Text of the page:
The Colliery

The Colliery

while white sun simmers 

ocean’s edge 

we enter the colliery 

follow the guide 

metal basket jostles us down 

down 

smell coal seeping ocean 

light becomes dark then black 

 

thin beams from helmet lamps
graze without illuminating 

faces arms
fire fly flash of teeth tongue
the guide’s words roll out over echoless drips
a silence that stifles our breathing
the chilled walls absorb everything
wooden struts hold the earth from us
coal buffering the echo of our shuffle
as we crouch lower to fit

tiny lamp light glances off rock surfaces
jagged caroms of cold flashes
was that a face an arm
embedded between strata of earth
a zig-zag white trace
slipping in the endless squeeze 

from above below 

the passage narrowing even more
as we scrabble along hunched crabs
feel the ground 

hope for traction 

ache to stand but can’t
air thicker presses on all sides
can these wooden splints 

keep us safe 

 

a pressure in the lungs
the scatter of the fear 

is this the way I want to go
squished in a tremble of tectonic plates
hugged by the earth’s crust

 

we turn a corner catch our breath
the guide filling in gaps
stunned that so many men
spent their lives down here
ate slept shivered exited eventually
to return day after day
did they dare seek comfort 

in one another’s arms 

 

we shiver from black to dark to light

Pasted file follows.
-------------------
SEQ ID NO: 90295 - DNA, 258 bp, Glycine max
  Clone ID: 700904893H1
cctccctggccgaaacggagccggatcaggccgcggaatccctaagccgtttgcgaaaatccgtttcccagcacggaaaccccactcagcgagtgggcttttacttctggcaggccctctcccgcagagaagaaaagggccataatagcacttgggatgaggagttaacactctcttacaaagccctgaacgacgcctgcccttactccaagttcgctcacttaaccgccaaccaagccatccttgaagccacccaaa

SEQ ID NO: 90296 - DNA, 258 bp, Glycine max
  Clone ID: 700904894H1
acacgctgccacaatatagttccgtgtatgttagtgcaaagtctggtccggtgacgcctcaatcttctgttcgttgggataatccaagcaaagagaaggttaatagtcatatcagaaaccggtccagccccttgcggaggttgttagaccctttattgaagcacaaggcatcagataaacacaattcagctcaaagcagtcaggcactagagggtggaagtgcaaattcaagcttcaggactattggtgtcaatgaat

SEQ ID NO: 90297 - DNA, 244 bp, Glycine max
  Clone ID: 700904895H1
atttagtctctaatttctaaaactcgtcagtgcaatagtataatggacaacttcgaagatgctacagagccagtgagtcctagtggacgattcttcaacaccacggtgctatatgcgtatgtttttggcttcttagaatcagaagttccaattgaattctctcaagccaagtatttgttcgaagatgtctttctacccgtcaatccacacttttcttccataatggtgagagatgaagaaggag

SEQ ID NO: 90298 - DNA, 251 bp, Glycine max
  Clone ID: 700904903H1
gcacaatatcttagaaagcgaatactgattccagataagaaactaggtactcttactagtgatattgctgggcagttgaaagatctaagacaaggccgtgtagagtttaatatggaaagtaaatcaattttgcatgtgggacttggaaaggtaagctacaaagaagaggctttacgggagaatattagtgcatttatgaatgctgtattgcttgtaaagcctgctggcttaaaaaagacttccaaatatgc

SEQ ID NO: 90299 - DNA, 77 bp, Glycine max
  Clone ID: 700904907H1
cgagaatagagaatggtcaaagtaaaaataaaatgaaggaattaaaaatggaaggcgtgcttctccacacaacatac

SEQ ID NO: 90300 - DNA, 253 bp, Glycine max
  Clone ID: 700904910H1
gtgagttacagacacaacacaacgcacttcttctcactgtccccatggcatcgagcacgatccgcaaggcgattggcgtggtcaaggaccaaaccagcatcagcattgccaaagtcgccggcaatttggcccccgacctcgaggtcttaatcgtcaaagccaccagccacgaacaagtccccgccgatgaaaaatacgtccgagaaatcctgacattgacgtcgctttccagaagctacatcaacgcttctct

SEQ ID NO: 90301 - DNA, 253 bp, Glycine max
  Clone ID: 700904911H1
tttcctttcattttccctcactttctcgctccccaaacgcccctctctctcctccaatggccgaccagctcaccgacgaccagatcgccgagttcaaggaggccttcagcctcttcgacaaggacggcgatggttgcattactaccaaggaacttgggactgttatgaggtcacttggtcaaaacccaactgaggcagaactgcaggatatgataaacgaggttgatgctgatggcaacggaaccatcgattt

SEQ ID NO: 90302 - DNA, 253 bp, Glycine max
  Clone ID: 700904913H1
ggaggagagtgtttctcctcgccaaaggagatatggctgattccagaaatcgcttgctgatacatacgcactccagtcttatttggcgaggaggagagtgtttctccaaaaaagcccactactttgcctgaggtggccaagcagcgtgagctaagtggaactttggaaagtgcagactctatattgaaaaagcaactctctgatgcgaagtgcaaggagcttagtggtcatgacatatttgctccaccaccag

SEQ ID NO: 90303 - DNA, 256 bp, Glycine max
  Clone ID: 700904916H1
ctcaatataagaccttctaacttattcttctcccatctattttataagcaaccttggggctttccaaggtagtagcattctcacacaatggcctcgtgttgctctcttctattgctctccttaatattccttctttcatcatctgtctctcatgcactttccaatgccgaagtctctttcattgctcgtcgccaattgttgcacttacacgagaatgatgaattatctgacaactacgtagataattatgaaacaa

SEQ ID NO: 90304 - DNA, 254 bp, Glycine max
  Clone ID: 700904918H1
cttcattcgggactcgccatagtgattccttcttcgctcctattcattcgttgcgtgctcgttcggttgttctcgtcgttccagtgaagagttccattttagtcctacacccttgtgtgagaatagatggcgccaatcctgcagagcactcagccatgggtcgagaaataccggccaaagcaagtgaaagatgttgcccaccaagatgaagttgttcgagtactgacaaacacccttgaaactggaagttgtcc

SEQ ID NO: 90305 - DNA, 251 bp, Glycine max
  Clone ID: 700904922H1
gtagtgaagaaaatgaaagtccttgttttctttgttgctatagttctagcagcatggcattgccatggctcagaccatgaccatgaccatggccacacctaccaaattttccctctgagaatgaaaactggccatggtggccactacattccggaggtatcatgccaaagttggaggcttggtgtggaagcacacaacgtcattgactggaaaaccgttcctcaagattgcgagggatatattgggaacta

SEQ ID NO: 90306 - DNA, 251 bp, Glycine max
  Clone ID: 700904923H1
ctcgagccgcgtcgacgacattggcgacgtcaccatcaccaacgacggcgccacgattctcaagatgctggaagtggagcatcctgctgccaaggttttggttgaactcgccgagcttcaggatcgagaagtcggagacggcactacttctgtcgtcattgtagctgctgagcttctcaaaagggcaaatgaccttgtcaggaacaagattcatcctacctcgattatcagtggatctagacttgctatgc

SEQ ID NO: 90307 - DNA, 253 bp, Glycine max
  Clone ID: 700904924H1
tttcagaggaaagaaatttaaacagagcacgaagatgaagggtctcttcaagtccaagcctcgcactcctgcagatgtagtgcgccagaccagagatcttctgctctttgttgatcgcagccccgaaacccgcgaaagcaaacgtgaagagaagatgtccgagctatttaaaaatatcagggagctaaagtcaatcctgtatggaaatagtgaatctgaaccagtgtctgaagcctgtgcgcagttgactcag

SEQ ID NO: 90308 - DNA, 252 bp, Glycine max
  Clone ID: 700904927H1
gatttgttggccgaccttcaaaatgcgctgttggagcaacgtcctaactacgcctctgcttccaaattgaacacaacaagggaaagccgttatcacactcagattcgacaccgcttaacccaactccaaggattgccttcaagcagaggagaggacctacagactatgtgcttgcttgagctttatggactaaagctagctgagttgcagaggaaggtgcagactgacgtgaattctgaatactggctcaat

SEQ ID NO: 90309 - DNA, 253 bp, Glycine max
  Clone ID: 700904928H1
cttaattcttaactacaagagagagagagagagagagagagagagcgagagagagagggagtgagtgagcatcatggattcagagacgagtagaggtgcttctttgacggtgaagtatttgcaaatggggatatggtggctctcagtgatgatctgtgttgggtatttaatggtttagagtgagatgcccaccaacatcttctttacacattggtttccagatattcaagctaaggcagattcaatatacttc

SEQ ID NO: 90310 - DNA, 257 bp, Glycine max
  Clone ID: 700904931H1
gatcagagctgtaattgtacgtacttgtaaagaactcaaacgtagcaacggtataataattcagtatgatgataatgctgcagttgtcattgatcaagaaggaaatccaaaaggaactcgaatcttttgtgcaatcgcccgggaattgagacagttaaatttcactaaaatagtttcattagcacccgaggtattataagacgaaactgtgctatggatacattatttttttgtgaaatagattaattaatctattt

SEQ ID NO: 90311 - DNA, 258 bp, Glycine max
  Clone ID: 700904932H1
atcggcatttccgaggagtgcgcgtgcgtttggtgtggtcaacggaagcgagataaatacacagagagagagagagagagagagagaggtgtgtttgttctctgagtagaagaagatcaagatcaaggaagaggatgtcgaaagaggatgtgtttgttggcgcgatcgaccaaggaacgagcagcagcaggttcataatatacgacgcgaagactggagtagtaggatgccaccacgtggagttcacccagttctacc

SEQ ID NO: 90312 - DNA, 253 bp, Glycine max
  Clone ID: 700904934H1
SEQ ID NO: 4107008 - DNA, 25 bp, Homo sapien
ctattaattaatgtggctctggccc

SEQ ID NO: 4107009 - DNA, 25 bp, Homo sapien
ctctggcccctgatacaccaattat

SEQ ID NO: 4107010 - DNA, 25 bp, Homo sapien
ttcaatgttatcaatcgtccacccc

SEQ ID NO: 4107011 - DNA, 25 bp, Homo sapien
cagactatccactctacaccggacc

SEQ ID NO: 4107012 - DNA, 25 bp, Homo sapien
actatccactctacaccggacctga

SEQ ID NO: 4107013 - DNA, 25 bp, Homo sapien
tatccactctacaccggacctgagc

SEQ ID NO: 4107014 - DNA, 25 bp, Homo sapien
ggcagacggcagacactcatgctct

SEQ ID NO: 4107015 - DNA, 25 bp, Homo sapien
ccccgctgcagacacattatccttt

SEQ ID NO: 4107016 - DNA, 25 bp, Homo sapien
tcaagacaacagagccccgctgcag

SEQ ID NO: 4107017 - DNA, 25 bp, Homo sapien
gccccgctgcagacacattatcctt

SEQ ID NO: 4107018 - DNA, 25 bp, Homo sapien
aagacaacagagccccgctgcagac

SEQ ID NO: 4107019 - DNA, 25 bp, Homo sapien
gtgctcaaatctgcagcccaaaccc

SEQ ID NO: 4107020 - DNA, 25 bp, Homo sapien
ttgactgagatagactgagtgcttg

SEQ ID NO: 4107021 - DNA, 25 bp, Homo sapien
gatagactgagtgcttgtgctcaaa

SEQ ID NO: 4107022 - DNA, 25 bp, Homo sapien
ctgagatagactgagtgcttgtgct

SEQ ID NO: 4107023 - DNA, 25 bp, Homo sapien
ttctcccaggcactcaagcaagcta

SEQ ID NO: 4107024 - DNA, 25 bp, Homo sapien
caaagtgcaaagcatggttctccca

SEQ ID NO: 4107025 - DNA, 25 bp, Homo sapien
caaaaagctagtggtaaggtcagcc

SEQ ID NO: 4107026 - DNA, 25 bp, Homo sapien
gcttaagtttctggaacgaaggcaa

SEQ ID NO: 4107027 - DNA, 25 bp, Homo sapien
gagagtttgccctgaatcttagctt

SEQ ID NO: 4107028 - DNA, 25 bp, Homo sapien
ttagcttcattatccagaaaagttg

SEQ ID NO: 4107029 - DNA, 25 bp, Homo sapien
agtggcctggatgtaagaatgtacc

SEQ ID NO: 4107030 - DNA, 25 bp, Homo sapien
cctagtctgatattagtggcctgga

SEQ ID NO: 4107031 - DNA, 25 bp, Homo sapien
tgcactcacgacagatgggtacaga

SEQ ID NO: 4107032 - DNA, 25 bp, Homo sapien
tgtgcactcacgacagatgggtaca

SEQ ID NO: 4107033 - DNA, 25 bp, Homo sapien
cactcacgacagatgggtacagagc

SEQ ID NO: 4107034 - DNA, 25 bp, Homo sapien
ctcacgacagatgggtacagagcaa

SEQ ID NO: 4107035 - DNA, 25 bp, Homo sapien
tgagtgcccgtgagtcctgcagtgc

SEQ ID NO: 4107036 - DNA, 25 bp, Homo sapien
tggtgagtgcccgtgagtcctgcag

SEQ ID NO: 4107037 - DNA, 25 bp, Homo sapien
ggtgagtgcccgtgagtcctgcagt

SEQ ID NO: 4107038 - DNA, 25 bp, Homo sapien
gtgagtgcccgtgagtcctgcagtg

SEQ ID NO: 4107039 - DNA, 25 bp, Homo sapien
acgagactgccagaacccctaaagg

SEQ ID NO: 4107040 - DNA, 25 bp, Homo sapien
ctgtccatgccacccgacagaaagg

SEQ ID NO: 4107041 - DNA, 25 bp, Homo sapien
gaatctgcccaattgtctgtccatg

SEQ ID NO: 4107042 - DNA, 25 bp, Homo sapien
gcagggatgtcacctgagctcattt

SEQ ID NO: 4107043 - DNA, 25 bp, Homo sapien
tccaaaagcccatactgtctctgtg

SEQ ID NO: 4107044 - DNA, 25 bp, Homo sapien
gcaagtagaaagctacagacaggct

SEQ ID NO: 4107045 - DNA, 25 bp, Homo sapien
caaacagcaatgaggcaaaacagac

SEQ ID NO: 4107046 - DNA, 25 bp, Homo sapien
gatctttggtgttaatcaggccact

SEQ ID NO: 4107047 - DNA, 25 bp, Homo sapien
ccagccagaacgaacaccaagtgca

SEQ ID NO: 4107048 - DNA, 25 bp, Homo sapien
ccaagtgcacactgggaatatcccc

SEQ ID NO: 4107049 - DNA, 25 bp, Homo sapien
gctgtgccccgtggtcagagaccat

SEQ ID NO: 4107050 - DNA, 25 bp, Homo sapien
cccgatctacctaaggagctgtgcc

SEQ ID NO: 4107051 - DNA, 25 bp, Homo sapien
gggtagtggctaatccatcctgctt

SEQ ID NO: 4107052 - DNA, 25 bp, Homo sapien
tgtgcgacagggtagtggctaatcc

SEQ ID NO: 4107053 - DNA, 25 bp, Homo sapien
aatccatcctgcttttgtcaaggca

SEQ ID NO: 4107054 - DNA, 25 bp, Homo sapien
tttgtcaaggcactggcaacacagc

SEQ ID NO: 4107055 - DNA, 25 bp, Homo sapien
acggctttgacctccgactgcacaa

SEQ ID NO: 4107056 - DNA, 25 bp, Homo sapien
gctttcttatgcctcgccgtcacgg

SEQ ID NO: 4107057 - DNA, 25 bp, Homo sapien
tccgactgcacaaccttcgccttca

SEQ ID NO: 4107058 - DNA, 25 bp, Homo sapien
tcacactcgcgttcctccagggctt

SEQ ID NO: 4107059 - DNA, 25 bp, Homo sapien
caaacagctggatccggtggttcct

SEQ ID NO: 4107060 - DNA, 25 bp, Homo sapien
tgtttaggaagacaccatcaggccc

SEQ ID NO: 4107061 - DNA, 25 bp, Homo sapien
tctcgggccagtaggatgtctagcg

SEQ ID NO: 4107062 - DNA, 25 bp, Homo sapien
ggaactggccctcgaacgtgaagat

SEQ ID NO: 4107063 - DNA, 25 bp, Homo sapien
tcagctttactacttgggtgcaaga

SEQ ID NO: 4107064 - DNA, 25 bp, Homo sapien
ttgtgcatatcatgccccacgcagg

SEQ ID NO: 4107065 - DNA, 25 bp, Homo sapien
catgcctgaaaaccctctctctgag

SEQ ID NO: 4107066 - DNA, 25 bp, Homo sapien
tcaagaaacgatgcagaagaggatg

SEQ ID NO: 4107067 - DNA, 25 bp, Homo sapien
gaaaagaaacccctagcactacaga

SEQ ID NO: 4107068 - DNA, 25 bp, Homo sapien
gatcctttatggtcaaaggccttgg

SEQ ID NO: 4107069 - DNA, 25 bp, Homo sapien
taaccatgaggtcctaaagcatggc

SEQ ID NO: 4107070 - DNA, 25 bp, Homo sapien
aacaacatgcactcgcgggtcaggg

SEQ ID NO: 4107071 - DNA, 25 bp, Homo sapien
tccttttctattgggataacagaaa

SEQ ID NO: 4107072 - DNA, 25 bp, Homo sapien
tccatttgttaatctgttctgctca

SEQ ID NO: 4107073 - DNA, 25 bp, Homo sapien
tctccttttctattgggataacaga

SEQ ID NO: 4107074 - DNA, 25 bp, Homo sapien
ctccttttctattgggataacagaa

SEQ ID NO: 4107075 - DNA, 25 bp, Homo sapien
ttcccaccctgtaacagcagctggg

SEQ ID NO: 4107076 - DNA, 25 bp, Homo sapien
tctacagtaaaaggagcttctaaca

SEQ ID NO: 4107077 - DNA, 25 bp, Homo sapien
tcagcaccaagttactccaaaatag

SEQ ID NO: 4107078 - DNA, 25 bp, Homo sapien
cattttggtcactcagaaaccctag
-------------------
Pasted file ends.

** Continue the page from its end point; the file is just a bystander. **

brought to the surface 

to life 

to summer 

where heavy clouds have formed
lightning races the horizon
rumble of thick thunder
blanket of rain falls
to wash us clean of the abyss
we never have to return to

 

This piece goes back to my visit to Cape Breton in 2012. One day we went to the Miner’s Museum in Glace Bay. I took that opportunity to visit a coal mine that was part of the facility. They gave us rubberized ponchos to wear and we waited in the change room for a while. from he high ceiling there were actual miner’s work clothes hanging as they would have when the mine was operational.

 

We wore modern helmets with small lamps on them & that was the main illumination for our tour. The beam was quite forced so, as the piece, says they only illuminated what you looked at. I half expected mine to fall on a face in a dark corner, or on a hand that was reaching out for me.

It was stressful to see the wooden stavings, that held up the ceiling & the walls knowing that that was all that held up the tons of earth over our heads. One clearly got the feeling what it was like down there & it made the sense of camaraderie the miners felt for each other very real.

The tour didn’t include us actually digging for coal though. We did get to sit the lunch area. We did get to steel the air, feel the floor, touch the walls, get dripped on by the sea. It was here that the idea for Coal Dusters was fully formed. Looking at the pictures of the men, some in early teens, who worked down here I wondered about their lives. We know all about their families but there was never a hint that their camaraderie might have been more than just that. 

 

When I have performed this piece people have told me it gave them chills, made them feel that suffocating claustrophobia. For me it was profound & haunting experience I was happy to share.

 

previous Brown Betty posts:

Man With A Past 1 https://wp.me/p1RtxU-3B3

When I Was A Young Boy  https://wp.me/p1RtxU-3By

Home (not of the brave) https://wp.me/p1RtxU-3Cg

Nailed https://wp.me/p1RtxU-3D9

Unmasked https://wp.me/p1RtxU-3EE


Hey! Now you can give me $$$ to defray blog fees & buy coffee – sweet,eh? paypal.me/TOpoet 

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